ATMEGA328 interrupt pin - why can't interrupt on "HIGH"?

There a several modes to attach an interrupt according to Arduio.cc:

attachInterrupt(0, pin2_isr, XXXX);

LOW to trigger the interrupt whenever the pin is low, CHANGE to trigger the interrupt whenever the pin changes value RISING to trigger when the pin goes from low to high, FALLING for when the pin goes from high to low.

How come HIGH isn't an option?

Why would you want continuous interrupts? That’s not what interrupts are for…

How come HIGH isn't an option?

Because it isn't an option in the chip. The designers at Atmel did not consider it important enough to include that option, and in truth it can easily be got round. Just put an inverter on the input pin and there you are. The interrupt on logic change is much more useful anyway.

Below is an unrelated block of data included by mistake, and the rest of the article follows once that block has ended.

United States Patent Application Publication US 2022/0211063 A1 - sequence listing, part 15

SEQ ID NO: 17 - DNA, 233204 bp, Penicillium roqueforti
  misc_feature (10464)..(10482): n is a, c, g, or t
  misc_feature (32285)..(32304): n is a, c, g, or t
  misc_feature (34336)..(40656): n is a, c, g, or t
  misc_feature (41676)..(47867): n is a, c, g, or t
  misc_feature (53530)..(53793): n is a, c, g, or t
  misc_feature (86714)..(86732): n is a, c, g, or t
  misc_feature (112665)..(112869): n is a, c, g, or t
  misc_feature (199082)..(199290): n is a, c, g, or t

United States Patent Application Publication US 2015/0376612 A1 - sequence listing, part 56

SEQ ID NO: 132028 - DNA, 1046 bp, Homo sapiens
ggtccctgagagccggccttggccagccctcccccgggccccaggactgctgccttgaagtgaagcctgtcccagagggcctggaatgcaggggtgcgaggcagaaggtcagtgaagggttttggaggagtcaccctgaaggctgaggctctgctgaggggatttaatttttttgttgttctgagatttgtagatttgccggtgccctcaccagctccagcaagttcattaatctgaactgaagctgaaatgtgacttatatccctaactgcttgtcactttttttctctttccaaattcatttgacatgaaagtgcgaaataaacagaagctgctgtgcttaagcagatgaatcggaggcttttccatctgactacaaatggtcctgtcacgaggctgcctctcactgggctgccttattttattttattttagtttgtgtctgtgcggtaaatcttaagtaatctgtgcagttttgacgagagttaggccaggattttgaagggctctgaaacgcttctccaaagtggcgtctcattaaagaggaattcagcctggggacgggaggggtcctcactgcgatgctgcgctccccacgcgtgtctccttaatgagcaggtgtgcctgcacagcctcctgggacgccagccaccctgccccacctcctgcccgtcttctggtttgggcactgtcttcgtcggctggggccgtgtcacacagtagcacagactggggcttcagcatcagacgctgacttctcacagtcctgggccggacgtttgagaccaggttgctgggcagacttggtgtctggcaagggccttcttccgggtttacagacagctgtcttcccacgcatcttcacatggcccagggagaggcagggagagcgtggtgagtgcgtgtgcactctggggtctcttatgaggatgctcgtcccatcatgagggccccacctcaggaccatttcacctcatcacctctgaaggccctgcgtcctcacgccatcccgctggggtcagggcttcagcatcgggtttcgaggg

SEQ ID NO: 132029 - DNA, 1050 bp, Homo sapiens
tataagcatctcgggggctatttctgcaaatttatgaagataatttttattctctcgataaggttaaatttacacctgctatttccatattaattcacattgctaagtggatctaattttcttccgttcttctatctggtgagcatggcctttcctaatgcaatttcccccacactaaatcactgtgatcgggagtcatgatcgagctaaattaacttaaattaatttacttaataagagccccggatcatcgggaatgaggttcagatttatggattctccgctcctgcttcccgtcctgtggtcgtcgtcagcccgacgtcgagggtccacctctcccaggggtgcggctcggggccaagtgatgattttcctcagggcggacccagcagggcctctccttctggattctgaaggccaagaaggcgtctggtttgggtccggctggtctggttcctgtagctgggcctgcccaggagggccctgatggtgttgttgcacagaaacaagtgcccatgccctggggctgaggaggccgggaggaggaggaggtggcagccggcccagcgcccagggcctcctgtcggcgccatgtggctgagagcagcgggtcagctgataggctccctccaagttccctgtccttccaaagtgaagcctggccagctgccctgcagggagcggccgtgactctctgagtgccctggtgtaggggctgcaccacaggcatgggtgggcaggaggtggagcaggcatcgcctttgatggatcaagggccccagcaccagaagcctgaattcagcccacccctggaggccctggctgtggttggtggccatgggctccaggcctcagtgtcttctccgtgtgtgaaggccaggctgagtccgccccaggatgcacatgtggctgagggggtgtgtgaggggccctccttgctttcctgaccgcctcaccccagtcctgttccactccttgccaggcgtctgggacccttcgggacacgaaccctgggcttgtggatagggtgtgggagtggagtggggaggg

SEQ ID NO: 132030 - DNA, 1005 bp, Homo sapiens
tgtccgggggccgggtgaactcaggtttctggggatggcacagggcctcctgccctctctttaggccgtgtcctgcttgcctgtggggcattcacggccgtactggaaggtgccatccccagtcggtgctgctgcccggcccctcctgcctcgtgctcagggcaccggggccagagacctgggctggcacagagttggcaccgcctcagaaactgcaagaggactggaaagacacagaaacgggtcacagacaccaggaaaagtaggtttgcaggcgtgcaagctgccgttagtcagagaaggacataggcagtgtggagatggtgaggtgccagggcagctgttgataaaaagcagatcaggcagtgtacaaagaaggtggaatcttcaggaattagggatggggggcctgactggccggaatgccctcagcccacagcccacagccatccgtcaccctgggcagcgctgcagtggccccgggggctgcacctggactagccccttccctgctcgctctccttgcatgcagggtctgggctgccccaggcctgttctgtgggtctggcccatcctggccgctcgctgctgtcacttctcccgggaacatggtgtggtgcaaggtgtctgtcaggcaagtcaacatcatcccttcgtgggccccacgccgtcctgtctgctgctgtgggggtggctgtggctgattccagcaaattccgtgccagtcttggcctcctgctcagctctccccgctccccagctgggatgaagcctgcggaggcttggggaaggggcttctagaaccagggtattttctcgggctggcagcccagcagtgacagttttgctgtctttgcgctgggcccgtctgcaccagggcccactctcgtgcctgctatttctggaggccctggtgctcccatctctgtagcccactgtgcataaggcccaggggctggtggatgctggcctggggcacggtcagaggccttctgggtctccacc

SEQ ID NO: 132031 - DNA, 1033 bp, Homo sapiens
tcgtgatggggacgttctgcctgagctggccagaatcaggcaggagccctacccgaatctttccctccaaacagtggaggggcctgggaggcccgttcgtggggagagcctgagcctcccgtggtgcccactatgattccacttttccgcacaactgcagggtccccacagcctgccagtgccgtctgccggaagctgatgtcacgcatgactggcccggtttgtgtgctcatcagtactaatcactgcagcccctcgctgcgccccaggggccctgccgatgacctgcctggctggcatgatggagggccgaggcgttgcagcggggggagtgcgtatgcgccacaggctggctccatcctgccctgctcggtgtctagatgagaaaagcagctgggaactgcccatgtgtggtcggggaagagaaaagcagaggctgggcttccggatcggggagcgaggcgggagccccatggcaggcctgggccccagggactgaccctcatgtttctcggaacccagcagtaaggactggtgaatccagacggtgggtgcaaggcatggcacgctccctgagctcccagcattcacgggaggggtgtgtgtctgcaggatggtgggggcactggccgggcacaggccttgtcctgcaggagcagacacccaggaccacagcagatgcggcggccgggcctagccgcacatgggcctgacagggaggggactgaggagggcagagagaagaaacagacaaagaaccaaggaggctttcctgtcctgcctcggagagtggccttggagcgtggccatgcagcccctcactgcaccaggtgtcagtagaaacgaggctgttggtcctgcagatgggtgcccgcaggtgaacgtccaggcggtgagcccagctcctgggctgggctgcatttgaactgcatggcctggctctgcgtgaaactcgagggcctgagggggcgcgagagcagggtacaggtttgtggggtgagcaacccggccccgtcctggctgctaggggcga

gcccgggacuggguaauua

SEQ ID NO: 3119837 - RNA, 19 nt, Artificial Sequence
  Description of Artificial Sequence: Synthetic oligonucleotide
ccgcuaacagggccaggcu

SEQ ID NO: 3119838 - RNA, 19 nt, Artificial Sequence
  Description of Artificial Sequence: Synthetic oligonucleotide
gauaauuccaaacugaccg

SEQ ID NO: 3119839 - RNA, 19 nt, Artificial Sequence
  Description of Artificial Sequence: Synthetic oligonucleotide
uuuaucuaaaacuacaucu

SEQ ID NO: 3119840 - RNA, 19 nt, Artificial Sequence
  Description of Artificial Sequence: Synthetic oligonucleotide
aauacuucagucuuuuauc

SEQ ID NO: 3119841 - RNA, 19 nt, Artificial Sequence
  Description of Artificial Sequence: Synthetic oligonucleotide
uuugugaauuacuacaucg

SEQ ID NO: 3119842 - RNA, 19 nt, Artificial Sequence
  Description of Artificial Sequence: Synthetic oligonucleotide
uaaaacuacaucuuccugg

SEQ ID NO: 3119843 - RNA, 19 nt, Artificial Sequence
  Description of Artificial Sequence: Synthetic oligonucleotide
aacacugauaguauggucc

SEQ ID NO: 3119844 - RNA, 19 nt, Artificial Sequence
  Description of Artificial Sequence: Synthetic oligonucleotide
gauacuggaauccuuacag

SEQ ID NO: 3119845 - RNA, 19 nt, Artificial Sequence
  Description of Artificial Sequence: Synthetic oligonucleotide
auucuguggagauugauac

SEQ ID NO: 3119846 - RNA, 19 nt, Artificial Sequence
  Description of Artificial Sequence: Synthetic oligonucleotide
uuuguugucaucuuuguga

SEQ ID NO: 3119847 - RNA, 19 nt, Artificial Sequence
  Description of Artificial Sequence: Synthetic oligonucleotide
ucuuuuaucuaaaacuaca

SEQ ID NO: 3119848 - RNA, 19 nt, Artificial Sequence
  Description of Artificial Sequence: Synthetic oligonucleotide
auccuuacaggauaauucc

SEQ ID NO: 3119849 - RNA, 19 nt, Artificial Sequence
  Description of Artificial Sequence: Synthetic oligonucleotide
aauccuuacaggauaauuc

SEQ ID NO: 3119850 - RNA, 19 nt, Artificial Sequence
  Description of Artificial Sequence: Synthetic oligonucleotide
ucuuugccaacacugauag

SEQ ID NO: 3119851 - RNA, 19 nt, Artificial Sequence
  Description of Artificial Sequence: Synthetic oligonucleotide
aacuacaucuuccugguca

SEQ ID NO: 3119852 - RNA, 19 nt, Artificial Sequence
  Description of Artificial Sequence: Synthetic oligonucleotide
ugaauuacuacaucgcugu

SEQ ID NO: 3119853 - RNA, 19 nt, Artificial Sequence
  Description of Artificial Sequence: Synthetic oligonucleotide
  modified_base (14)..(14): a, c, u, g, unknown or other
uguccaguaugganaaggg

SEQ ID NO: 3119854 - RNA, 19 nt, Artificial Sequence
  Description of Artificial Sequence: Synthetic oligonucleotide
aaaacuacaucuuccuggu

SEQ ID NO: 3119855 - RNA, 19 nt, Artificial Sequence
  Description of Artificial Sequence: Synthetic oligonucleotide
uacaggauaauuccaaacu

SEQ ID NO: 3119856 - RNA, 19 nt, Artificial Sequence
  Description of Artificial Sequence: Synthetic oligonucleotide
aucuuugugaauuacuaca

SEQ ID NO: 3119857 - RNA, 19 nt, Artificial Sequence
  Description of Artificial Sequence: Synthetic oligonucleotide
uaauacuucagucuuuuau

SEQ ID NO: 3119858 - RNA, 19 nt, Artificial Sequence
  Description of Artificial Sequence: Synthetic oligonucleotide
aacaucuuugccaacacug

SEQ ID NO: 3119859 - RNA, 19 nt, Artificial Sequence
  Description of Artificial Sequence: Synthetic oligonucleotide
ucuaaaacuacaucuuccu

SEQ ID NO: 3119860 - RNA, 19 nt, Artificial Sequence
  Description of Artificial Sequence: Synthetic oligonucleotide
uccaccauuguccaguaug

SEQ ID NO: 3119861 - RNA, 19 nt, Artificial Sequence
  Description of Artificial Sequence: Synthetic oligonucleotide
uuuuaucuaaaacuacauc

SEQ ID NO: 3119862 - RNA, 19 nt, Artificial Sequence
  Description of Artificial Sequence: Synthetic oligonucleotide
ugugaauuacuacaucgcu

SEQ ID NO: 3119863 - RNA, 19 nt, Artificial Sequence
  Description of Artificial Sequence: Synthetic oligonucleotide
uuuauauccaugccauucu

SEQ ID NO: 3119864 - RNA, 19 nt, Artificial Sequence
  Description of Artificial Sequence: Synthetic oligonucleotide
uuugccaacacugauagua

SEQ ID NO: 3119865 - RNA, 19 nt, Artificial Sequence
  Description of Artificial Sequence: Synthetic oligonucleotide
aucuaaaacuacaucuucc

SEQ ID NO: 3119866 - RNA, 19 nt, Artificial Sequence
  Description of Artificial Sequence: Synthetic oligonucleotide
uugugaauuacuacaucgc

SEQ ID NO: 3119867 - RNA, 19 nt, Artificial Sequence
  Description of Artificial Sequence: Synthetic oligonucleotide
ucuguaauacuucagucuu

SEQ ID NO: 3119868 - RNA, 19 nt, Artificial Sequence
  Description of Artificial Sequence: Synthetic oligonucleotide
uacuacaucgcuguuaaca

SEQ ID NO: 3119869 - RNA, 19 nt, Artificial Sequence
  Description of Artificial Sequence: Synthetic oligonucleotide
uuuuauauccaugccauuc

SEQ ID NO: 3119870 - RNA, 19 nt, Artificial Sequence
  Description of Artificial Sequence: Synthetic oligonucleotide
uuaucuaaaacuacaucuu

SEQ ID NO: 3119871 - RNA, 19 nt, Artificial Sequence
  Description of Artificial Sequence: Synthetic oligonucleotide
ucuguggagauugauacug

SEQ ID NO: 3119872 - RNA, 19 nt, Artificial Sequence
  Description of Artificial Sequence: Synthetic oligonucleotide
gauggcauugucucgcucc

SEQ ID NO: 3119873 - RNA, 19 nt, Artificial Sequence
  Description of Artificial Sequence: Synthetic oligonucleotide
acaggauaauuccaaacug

arusr: There a several modes to attach an interrupt according to Arduio.cc:

attachInterrupt(0, pin2_isr, XXXX);

LOW to trigger the interrupt whenever the pin is low, CHANGE to trigger the interrupt whenever the pin changes value RISING to trigger when the pin goes from low to high, FALLING for when the pin goes from high to low.

How come HIGH isn't an option?

Because RISING is a better choice, meaning the interrupt will be generated when the signal changes from LOW to HIGH.

Traditionally, the interrupt pin was connected to a pull-up and driven by a number of open-collector (TTL) sources in a "wired-or" (active low) configuration because that is how you implemented a common interrupt line on a computer bus.

So it was indeed, "active-low". "Active high" is simply not used. Since you should not be wiring for example, switches to pull high, this should never be a problem, but note of course, what retrolefty says.